Seven weeks into the dredging of Port Bustamante in the Kingston Harbour to facilitate larger ships coming through the Panama Canal, the company contracted to do the excavation is reporting that there are “no visible impacts” on fishing beaches in proximity to the operation sites. Using a trailing suction hopper dredger with a capacity of 14,000 cubic metres, Sodraco has so far been removing soft material — clay, silt and some sand — and dumping it some 15 miles south-we ... Read More

Wisynco launches biodegradable foam

BY KIMONE THOMPSON Associate editor — features thompsonk@jamaicaobserver.com | Thursday, February 16, 2017    

President of ECM BioFilms Robert Sinclair (right), pours some of his company’s masterbatch pellets into WIlliam Mahfood’s palm. Mahfood is chairman of the Wisynco Group, which announced yesterday that it is now including the pellets in its polystyrene foam production process in order to make the finished product biodegradable. Observing Sinclair and Mahfood are Government senator Matthew Samuda(second left) and Wisynco’s director of manufacturing Devon Reynolds. (Photos: Garfield Robinson)

IT has been said that polystyrene foam, better known as styrofoam, cannot biodegrade. Well, apparently that’s old technology. Faced with overflowing landfills and growing criticisms about poor solid waste management, business interests and governments worldwide have been trying to find ways to make the material — a durable, lightweight, and cheaply produced option widely used as disposable food containers — more environmentally friendly. Substitute material ranging from milk p ... Read More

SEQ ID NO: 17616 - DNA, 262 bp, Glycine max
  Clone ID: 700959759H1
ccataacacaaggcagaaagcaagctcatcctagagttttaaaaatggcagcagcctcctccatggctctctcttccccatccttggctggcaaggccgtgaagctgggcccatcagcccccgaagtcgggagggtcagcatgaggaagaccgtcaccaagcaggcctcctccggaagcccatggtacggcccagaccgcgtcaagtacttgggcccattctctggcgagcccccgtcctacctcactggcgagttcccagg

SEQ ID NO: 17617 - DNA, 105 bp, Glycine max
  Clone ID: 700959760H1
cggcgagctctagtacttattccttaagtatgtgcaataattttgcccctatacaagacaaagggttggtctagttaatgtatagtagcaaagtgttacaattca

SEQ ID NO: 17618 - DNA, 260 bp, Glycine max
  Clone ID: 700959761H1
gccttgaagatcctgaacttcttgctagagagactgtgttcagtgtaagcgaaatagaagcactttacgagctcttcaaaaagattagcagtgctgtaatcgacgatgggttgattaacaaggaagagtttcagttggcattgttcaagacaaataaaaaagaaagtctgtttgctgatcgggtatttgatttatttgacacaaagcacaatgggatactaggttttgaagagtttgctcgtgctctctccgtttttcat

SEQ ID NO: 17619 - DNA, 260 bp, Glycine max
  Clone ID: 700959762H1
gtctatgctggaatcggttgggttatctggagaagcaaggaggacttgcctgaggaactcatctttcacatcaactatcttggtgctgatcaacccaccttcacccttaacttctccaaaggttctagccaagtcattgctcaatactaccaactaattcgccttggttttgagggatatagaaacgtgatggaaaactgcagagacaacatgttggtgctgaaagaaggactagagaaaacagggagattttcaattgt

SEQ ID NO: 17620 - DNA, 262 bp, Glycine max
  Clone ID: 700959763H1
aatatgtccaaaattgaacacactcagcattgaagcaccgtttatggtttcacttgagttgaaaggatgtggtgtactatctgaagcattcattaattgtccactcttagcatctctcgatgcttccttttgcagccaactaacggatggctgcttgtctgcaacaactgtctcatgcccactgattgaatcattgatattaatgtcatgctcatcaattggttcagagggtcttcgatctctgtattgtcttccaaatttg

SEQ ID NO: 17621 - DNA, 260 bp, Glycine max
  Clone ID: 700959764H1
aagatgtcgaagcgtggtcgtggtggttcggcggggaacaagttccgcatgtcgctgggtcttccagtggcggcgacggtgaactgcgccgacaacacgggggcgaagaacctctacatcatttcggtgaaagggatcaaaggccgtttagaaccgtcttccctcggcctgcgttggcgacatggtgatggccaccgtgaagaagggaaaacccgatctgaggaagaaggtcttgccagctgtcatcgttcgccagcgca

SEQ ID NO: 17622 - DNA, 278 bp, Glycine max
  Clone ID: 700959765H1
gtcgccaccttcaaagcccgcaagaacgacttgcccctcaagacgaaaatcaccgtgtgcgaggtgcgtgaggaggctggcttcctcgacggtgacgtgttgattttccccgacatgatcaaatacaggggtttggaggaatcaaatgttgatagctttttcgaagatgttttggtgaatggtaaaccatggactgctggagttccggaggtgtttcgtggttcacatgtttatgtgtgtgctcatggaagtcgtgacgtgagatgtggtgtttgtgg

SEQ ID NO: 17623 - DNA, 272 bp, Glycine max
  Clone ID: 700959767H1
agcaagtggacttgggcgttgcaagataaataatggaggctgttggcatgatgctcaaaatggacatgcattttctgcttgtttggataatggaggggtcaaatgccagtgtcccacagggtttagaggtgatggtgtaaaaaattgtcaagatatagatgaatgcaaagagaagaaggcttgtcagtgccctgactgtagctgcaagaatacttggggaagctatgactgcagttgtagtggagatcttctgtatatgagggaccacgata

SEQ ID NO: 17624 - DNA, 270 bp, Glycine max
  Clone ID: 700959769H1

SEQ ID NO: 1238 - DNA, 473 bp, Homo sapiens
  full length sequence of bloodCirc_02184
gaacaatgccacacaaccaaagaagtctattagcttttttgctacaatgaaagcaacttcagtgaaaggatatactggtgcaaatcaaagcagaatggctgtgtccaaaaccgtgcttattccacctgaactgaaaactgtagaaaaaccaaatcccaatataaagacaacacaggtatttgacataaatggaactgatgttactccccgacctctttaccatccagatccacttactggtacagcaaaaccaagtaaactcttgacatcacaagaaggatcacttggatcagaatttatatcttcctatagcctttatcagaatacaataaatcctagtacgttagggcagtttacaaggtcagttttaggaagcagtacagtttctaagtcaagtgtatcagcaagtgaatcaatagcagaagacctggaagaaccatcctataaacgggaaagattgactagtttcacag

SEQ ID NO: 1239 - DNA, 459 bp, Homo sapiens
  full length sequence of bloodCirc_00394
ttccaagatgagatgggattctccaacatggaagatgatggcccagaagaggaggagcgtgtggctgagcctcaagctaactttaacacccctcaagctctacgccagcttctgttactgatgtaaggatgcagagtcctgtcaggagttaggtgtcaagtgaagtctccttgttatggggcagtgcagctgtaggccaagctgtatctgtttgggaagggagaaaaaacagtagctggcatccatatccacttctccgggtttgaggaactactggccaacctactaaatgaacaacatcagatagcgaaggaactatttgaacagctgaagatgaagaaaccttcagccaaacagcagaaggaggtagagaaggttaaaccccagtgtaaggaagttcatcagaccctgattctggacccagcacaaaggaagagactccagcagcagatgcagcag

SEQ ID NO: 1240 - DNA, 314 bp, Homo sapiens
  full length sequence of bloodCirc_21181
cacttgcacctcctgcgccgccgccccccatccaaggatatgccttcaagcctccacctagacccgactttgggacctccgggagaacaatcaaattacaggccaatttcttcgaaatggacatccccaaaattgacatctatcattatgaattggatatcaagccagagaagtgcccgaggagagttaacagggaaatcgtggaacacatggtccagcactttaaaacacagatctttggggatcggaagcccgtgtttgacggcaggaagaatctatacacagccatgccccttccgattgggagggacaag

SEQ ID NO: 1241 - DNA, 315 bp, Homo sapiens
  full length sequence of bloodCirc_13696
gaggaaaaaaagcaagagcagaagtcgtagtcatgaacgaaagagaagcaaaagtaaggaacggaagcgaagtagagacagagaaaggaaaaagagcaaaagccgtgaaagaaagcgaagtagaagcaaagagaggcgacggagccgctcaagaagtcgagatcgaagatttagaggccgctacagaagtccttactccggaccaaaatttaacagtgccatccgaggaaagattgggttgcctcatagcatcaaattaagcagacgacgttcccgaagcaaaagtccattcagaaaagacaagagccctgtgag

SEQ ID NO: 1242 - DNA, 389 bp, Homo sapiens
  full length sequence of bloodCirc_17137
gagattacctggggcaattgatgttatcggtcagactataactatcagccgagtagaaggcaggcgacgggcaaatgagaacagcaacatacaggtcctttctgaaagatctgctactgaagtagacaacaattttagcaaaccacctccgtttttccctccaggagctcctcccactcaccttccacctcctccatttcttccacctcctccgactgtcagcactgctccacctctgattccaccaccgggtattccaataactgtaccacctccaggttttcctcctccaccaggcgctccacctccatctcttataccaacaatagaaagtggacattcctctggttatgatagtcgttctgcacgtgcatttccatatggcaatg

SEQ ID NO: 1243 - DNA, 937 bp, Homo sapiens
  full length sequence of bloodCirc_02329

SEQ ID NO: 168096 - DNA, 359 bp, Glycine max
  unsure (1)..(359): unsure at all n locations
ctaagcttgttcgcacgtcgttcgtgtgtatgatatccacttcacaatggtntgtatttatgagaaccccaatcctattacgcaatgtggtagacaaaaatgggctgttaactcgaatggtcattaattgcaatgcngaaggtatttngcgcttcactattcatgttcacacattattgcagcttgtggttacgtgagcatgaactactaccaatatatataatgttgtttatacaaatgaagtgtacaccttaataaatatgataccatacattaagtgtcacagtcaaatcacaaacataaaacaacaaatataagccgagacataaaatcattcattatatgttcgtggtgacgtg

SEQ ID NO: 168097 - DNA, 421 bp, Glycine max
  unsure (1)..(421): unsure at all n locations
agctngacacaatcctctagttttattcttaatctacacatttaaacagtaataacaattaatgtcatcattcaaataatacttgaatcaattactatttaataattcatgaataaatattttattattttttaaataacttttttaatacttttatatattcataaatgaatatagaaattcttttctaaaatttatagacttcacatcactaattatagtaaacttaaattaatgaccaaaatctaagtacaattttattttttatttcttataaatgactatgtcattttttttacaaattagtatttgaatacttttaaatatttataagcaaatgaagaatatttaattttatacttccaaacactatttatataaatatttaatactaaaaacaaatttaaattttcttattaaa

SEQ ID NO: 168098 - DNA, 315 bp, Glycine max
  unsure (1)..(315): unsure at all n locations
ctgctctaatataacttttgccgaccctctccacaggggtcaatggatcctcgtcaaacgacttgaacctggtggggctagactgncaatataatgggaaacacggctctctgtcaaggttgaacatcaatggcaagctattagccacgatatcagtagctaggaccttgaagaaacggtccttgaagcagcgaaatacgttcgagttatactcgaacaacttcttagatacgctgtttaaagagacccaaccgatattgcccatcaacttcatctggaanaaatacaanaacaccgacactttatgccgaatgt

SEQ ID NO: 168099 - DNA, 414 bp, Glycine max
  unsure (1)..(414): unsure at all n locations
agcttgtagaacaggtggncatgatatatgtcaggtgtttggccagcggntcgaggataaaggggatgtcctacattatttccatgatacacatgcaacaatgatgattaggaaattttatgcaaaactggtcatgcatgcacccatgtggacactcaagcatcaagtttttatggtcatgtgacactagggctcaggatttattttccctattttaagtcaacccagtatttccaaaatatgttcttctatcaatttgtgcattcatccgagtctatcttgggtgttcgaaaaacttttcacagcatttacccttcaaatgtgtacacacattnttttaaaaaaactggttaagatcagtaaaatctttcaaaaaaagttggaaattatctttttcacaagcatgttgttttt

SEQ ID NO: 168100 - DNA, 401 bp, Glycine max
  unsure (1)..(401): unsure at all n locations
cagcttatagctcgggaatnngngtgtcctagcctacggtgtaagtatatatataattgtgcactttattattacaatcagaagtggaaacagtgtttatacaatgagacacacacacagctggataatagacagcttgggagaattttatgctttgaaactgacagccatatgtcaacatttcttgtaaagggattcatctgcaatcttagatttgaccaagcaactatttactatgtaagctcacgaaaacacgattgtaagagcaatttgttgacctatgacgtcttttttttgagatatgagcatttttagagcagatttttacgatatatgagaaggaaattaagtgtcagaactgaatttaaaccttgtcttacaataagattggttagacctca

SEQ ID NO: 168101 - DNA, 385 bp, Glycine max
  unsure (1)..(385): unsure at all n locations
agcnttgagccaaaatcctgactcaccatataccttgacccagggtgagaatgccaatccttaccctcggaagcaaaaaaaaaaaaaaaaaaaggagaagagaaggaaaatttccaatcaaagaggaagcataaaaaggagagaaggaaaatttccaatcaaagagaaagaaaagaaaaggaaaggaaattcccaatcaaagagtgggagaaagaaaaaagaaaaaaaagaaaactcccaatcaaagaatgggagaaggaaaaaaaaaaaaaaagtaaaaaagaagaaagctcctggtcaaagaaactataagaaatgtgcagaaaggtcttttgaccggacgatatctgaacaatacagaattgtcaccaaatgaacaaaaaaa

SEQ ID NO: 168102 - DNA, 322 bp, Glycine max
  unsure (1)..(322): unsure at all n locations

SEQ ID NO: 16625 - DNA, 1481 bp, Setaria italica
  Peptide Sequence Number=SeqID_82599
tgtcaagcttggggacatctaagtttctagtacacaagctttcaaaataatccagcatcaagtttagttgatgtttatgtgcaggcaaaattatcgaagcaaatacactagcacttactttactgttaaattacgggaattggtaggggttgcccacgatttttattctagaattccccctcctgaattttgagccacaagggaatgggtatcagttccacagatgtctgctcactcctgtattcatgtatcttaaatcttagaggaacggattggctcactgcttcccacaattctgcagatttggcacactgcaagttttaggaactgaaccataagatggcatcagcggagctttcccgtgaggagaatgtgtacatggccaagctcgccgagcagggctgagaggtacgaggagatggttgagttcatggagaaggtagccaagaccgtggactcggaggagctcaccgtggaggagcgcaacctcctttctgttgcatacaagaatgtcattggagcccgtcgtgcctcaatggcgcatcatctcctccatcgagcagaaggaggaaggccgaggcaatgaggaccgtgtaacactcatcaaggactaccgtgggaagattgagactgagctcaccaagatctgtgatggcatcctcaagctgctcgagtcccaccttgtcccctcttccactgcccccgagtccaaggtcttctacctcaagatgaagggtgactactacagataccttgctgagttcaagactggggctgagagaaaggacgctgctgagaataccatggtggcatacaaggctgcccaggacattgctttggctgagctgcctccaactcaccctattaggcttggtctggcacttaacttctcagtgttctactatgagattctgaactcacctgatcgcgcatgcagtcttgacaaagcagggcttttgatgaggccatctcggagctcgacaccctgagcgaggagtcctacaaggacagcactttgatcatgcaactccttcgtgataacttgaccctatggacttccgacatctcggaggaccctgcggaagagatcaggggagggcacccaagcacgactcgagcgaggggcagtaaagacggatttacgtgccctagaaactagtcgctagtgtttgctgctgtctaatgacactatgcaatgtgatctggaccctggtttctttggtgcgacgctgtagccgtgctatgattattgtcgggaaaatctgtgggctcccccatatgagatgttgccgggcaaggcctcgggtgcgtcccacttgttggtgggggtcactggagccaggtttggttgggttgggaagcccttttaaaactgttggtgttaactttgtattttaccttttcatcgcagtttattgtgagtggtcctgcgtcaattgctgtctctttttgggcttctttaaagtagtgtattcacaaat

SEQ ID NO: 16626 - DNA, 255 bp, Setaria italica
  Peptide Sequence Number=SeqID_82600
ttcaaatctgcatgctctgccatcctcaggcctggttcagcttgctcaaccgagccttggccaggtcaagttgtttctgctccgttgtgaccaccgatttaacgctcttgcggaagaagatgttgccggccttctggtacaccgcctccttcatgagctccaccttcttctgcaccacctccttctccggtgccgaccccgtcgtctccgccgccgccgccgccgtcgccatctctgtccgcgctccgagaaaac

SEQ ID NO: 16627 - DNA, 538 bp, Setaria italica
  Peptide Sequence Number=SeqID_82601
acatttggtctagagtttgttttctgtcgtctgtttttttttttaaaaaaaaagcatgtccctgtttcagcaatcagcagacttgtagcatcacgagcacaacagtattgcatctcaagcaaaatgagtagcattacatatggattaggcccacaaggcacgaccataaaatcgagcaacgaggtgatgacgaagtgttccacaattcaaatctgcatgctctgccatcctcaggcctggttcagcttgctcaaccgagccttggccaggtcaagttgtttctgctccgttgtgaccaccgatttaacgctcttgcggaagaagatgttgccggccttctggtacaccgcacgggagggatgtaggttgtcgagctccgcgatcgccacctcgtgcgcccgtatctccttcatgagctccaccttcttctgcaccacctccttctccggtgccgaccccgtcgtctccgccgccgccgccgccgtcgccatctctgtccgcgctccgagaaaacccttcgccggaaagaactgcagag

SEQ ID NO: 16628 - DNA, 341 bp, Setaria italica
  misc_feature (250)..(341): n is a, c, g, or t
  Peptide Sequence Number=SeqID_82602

PHOTO: Faking death?

Thursday, February 16, 2017    

Photo: Kenyon Hemans

It was not clear if this reptile, spotted yesterday afloat on its back in a swamp near the St Thomas main road, which leads into Hector’s River, Portland, was dead or just faking it. (Photo: Kenyon Hemans) Read More

Rescuers form human chain to save whales

Wednesday, February 15, 2017    

Hundreds of pilot whales lay stranded at Farewell Spit near Nelson, New Zealand, Friday, February 10, after beaching themselves. (Photo: AFP/Tim Cuff)

GOLDEN BAY, New Zealand (AFP) — It was a scene of both tragedy and triumph in New Zealand Saturday as rescuers defied a shark threat and formed a human chain in a bay in a bid to keep another 200 whales from becoming stranded a day after hundreds died in a mass beaching. About 150 people waded out up to their necks at Farewell Spit in the north-west of the South Island to form the human wall as they also guided some 100 survivors from Friday’s beaching away from the shore. Environm ... Read More